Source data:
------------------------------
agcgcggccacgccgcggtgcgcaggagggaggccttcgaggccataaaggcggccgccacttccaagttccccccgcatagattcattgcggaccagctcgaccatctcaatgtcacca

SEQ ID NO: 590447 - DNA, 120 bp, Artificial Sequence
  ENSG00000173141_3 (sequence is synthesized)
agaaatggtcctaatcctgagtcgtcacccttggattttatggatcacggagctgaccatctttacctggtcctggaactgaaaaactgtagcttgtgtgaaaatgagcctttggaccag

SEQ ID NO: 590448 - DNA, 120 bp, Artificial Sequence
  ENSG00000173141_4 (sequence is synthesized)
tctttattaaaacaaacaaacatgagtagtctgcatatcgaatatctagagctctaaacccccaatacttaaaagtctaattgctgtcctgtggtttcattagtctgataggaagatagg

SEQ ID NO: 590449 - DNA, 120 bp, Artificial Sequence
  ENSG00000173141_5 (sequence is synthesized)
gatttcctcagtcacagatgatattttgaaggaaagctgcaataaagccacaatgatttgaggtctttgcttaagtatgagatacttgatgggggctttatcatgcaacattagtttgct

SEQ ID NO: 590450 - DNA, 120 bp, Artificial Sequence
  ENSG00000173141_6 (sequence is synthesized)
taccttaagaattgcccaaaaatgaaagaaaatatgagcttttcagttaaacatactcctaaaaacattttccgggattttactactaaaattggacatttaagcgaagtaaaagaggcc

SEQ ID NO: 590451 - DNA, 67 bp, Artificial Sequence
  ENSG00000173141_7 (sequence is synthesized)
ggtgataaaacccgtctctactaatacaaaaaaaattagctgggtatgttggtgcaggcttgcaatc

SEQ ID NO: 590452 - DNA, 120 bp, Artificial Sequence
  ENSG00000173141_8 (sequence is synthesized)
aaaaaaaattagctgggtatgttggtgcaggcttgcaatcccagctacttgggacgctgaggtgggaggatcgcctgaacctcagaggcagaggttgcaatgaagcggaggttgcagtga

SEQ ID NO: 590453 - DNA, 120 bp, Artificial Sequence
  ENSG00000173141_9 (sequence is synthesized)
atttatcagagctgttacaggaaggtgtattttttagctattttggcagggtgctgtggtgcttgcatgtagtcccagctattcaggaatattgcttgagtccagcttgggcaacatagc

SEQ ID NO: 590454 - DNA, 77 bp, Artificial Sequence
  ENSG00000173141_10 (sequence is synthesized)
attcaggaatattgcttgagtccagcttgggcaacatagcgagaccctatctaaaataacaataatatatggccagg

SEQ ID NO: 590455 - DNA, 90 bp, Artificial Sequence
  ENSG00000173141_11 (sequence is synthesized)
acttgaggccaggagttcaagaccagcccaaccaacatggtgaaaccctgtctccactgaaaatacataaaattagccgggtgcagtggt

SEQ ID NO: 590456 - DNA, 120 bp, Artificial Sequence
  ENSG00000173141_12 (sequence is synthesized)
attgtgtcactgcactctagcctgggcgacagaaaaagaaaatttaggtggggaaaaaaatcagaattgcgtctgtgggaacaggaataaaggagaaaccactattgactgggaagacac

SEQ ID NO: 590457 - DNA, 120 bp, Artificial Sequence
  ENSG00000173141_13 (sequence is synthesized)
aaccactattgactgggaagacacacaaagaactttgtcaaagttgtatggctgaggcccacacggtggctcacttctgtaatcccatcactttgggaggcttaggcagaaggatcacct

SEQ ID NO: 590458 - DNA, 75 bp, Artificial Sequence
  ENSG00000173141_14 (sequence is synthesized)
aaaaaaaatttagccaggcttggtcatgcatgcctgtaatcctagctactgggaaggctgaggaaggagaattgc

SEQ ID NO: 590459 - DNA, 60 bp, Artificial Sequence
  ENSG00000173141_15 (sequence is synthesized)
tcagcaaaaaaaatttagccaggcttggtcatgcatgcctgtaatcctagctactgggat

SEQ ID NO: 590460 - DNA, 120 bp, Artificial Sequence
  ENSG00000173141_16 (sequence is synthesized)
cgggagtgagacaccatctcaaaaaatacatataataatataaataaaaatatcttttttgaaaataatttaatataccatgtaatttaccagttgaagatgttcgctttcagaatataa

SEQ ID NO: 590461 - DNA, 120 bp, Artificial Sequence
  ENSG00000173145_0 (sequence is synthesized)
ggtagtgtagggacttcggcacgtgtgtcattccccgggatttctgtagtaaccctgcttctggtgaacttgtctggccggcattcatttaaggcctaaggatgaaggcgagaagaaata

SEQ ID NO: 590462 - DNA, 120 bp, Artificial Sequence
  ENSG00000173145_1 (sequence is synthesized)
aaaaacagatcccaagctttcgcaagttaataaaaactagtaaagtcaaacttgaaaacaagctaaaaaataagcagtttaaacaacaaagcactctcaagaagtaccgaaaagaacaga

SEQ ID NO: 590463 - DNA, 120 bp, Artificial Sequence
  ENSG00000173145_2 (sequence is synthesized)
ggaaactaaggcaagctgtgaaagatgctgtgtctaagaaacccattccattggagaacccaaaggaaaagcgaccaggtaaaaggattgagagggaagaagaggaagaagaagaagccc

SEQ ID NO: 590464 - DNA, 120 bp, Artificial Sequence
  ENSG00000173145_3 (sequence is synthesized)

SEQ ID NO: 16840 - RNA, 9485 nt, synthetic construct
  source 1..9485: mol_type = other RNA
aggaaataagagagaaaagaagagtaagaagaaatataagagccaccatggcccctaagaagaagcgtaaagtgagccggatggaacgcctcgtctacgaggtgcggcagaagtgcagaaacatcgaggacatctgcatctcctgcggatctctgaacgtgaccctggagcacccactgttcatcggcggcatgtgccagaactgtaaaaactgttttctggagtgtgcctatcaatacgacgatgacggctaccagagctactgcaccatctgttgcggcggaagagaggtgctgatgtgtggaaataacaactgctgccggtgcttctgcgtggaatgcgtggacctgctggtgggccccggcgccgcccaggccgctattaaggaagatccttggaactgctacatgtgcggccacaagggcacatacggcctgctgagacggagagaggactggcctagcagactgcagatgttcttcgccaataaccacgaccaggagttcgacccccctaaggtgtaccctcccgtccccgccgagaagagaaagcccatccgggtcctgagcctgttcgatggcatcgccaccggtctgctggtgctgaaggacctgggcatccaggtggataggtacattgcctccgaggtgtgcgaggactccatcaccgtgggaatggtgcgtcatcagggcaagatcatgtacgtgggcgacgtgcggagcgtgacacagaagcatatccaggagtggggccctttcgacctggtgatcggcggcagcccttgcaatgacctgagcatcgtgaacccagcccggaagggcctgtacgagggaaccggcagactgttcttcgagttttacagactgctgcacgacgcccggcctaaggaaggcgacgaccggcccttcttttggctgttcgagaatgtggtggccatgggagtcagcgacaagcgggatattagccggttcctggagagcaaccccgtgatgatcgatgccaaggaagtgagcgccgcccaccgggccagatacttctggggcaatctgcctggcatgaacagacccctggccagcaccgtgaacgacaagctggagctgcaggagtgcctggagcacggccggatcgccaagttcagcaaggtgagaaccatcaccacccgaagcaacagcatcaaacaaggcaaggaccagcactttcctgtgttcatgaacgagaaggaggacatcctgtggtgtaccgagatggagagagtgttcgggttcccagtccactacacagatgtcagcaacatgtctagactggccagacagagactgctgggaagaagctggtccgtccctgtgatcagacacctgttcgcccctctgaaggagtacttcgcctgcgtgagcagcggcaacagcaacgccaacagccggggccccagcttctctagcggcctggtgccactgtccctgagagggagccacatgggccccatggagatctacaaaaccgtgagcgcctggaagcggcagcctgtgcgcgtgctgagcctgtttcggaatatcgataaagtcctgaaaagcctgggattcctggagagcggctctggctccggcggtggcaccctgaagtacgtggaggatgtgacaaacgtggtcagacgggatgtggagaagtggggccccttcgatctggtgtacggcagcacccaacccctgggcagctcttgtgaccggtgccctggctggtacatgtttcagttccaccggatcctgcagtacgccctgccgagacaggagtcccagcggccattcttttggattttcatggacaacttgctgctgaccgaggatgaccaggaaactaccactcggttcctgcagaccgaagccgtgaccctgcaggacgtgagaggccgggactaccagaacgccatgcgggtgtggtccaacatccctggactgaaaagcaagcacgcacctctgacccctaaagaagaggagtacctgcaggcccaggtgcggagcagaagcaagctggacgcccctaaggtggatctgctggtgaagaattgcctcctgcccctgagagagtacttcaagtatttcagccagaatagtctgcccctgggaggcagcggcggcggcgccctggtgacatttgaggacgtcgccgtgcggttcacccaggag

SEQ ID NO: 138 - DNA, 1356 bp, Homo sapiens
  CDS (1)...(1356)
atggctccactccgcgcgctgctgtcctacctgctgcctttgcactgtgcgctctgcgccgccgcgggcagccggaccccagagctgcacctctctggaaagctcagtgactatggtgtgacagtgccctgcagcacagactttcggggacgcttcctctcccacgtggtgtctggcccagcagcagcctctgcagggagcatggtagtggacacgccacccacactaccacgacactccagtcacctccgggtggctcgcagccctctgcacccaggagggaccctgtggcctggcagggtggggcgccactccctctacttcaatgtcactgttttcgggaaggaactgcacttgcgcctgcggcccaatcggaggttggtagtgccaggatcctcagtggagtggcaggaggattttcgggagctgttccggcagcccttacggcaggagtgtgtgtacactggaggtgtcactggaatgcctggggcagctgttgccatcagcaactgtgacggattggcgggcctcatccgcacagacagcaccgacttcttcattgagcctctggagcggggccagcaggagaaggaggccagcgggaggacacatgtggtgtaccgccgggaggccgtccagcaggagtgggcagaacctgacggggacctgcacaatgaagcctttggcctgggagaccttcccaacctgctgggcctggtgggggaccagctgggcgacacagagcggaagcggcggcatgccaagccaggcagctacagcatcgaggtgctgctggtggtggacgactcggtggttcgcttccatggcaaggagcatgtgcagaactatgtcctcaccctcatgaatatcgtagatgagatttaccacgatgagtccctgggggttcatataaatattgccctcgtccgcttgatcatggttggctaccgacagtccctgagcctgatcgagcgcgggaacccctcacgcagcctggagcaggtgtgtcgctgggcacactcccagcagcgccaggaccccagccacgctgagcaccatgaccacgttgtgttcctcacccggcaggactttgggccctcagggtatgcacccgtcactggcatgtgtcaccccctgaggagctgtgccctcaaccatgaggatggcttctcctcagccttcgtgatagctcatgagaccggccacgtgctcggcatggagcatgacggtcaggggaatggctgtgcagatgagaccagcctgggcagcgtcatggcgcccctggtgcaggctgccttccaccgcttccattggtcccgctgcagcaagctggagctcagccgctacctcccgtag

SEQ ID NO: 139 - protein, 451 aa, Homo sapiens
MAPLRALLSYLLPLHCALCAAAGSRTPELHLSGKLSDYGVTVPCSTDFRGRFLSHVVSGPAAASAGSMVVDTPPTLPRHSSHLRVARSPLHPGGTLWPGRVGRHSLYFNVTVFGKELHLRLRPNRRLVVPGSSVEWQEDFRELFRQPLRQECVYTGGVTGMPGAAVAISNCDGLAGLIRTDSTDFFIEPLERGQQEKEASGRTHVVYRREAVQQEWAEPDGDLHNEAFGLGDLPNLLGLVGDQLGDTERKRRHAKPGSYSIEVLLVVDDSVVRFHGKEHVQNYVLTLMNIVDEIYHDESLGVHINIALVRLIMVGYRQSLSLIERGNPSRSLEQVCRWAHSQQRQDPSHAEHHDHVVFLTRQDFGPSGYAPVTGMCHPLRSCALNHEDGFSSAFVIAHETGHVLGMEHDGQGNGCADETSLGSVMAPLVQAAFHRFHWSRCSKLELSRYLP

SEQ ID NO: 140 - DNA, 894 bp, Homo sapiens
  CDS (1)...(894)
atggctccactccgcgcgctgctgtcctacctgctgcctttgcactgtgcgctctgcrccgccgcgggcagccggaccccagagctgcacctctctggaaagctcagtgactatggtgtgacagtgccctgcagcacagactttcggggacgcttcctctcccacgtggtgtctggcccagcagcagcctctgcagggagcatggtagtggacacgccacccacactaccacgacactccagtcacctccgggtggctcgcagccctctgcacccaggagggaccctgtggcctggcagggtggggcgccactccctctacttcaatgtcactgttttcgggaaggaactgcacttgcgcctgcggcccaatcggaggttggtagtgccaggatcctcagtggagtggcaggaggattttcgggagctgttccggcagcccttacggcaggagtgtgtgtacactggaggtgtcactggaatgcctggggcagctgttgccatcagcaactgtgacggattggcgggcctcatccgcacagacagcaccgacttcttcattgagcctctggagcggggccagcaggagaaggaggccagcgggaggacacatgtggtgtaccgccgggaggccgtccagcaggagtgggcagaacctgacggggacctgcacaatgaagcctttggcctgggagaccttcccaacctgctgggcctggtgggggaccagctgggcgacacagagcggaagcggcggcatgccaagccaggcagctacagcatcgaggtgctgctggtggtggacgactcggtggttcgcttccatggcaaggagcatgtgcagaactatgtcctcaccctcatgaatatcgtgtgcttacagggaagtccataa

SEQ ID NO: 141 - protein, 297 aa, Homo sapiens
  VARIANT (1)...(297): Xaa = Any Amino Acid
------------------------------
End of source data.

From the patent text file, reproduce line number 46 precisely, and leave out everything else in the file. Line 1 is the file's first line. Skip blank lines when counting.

ggtagtgtagggacttcggcacgtgtgtcattccccgggatttctgtagtaaccctgcttctggtgaacttgtctggccggcattcatttaaggcctaaggatgaaggcgagaagaaata